• 8.5. Cameras in smartwatches?
  • 8.6. Social applications: drivers and challenges
  • 8.7. Example: Spectacles by Snap Inc.
  • 8.8. Other applications: Automatic digital diary

9. OPTICAL SENSORS - OTHER EXAMPLES

  • 9.1. Optical chemical sensors
  • 9.2. Implantable optical glucose sensors
  • 9.3. Optical method for non-invasive glucose sensing
  • 9.4. Start-up example: eLutions
  • 9.5. Related platform: UV exposure indicators
  • 9.6. Speech recognition using lasers - VocalZoom

10. ELECTRODES

  • 10.1. Electrodes: Introduction

11. ELECTRODES - BIOPOTENTIAL

  • 11.1. Measuring biopotential
  • 11.2. ECG
  • 11.3. EEG
  • 11.4. EMG
  • 11.5. Circuit construction for measuring biopotential
  • 11.6. Circuit construction for measuring biopotential (cont.)
  • 11.7. Properties of wearable electrodes
  • 11.8. Dry electrodes: Challenges and solutions
  • 11.9. Established wearable product types: Chest strap HRM
  • 11.10. HRM in apparel and skin patches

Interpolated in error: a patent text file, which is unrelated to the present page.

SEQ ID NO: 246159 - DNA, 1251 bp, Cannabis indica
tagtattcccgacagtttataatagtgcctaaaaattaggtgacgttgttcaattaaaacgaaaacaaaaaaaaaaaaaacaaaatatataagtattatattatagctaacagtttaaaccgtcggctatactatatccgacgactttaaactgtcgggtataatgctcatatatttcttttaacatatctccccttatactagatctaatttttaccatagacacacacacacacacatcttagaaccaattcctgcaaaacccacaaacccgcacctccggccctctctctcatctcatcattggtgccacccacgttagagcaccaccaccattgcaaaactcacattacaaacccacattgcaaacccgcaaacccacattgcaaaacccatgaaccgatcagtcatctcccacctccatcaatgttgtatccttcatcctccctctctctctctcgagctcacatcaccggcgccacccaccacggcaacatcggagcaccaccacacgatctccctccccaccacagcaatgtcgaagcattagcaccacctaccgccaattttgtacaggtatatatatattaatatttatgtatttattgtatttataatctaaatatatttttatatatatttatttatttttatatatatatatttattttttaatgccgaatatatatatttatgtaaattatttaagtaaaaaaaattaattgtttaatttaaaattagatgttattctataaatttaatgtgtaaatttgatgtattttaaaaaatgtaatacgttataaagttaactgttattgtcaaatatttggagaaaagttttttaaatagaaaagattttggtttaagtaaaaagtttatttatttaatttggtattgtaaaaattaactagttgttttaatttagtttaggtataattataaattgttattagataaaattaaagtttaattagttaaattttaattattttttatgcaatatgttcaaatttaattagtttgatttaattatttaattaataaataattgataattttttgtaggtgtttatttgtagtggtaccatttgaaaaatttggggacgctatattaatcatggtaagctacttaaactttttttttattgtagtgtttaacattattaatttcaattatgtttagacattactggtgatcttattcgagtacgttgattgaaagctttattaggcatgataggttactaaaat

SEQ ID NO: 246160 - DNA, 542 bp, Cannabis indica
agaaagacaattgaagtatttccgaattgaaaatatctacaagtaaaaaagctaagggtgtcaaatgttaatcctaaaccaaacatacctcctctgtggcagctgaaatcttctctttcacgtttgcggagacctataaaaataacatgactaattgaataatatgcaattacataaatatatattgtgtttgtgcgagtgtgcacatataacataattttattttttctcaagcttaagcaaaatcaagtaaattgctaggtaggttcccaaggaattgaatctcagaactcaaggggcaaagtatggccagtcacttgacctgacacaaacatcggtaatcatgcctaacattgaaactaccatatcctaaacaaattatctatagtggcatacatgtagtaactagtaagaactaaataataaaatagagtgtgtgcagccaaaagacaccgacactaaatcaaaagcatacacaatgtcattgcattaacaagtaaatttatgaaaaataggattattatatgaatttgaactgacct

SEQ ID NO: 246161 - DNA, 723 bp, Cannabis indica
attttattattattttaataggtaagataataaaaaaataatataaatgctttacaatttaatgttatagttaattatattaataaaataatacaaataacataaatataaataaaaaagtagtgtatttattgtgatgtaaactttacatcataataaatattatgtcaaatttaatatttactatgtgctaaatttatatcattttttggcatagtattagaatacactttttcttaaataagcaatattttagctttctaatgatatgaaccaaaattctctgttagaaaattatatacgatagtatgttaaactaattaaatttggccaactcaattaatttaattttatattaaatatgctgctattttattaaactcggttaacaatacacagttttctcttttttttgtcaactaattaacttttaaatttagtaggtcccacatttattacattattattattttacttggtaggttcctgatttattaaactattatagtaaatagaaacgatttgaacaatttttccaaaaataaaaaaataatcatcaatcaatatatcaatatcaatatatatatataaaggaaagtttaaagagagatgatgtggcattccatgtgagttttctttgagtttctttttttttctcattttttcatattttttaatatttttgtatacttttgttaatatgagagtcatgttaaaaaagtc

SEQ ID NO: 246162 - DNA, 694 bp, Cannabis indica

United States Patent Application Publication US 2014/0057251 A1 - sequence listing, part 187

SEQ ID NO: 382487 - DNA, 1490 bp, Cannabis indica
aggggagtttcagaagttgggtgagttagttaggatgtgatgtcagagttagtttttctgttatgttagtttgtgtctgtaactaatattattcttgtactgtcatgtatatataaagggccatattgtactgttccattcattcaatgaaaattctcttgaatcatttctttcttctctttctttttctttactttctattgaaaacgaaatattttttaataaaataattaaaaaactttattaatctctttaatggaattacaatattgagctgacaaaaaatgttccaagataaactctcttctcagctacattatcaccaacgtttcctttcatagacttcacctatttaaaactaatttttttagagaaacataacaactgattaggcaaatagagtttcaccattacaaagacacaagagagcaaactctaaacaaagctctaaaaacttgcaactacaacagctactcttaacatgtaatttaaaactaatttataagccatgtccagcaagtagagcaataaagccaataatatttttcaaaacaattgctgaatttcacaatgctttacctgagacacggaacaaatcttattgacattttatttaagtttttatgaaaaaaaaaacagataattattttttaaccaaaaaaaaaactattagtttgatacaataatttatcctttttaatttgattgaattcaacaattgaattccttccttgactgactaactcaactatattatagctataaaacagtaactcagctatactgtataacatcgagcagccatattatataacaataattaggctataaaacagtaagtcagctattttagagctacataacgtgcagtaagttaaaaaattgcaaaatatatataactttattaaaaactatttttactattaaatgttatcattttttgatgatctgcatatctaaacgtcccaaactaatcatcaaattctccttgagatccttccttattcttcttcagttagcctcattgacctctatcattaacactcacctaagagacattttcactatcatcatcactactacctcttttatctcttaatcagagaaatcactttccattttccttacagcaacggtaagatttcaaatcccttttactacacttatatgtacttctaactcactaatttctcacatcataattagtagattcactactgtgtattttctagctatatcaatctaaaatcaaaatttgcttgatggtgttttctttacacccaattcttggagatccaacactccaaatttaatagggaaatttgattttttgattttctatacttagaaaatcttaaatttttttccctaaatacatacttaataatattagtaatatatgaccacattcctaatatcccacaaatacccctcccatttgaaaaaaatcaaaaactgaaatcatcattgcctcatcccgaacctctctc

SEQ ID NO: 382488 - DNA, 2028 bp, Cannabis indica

• 11.11. Consumer EMG products and prototypes
  • 11.12. Consumer EEG products and prototypes
  • 11.13. Approaches for improving wearable electrode performance
  • 11.14. Performance through design: Thalmic Labs
  • 11.15. Performance through design: Samsung
  • 11.16. Electrode ink innovation: Gunma University, Japan
  • 11.17. Electronic tattoos: Seoul National University
  • 11.18. Electronic tattoos: Seoul National University
  • 11.19. Examples: IMEC and the Holst Centre
  • 11.19.1. Examples: Conscious Labs
  • 11.19.2. Example: Freer Logic LLC

12. ELECTRODES - BIOIMPEDANCE

  • 12.1. Measuring bioimpedance
  • 12.2. Galvanic skin response
  • 12.3. Bioelectrical impedance analysis (BIA)
  • 12.4. Bioelectrical impedance analysis (BIA)
  • 12.5. Example: Inbody
  • 12.6. Case study: marketing the potential of bioimpedance
  • 12.7. Case study: marketing the potential of bioimpedance

13. ELECTRODES - OTHER EXAMPLES